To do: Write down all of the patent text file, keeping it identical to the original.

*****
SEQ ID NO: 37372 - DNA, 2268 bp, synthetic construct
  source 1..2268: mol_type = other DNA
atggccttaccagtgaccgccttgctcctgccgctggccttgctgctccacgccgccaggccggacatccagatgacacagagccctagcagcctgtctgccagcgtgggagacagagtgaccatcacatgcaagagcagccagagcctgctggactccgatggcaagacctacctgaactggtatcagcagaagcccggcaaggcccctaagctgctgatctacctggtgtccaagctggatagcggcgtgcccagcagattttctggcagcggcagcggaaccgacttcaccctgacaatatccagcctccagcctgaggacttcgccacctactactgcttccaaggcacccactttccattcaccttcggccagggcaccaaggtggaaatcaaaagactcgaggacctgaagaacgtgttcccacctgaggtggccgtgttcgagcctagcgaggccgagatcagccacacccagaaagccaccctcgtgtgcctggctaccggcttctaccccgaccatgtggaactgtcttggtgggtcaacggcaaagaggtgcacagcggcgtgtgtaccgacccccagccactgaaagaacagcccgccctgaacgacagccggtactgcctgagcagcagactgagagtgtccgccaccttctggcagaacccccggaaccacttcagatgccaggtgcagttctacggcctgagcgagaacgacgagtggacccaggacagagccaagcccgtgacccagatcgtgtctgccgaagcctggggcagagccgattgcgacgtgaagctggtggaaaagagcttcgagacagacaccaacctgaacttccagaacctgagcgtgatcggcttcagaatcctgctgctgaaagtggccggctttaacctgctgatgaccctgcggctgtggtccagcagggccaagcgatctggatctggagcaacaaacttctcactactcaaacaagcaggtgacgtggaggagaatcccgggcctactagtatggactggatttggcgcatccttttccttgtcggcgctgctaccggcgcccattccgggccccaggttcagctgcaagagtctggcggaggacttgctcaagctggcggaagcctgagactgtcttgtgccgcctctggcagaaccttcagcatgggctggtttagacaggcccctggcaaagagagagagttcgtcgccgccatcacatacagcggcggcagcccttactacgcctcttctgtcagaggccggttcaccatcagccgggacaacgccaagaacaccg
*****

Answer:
SEQ ID NO: 37372 - DNA, 2268 bp, synthetic construct
  source 1..2268: mol_type = other DNA
atggccttaccagtgaccgccttgctcctgccgctggccttgctgctccacgccgccaggccggacatccagatgacacagagccctagcagcctgtctgccagcgtgggagacagagtgaccatcacatgcaagagcagccagagcctgctggactccgatggcaagacctacctgaactggtatcagcagaagcccggcaaggcccctaagctgctgatctacctggtgtccaagctggatagcggcgtgcccagcagattttctggcagcggcagcggaaccgacttcaccctgacaatatccagcctccagcctgaggacttcgccacctactactgcttccaaggcacccactttccattcaccttcggccagggcaccaaggtggaaatcaaaagactcgaggacctgaagaacgtgttcccacctgaggtggccgtgttcgagcctagcgaggccgagatcagccacacccagaaagccaccctcgtgtgcctggctaccggcttctaccccgaccatgtggaactgtcttggtgggtcaacggcaaagaggtgcacagcggcgtgtgtaccgacccccagccactgaaagaacagcccgccctgaacgacagccggtactgcctgagcagcagactgagagtgtccgccaccttctggcagaacccccggaaccacttcagatgccaggtgcagttctacggcctgagcgagaacgacgagtggacccaggacagagccaagcccgtgacccagatcgtgtctgccgaagcctggggcagagccgattgcgacgtgaagctggtggaaaagagcttcgagacagacaccaacctgaacttccagaacctgagcgtgatcggcttcagaatcctgctgctgaaagtggccggctttaacctgctgatgaccctgcggctgtggtccagcagggccaagcgatctggatctggagcaacaaacttctcactactcaaacaagcaggtgacgtggaggagaatcccgggcctactagtatggactggatttggcgcatccttttccttgtcggcgctgctaccggcgcccattccgggccccaggttcagctgcaagagtctggcggaggacttgctcaagctggcggaagcctgagactgtcttgtgccgcctctggcagaaccttcagcatgggctggtttagacaggcccctggcaaagagagagagttcgtcgccgccatcacatacagcggcggcagcccttactacgcctcttctgtcagaggccggttcaccatcagccgggacaacgccaagaacaccg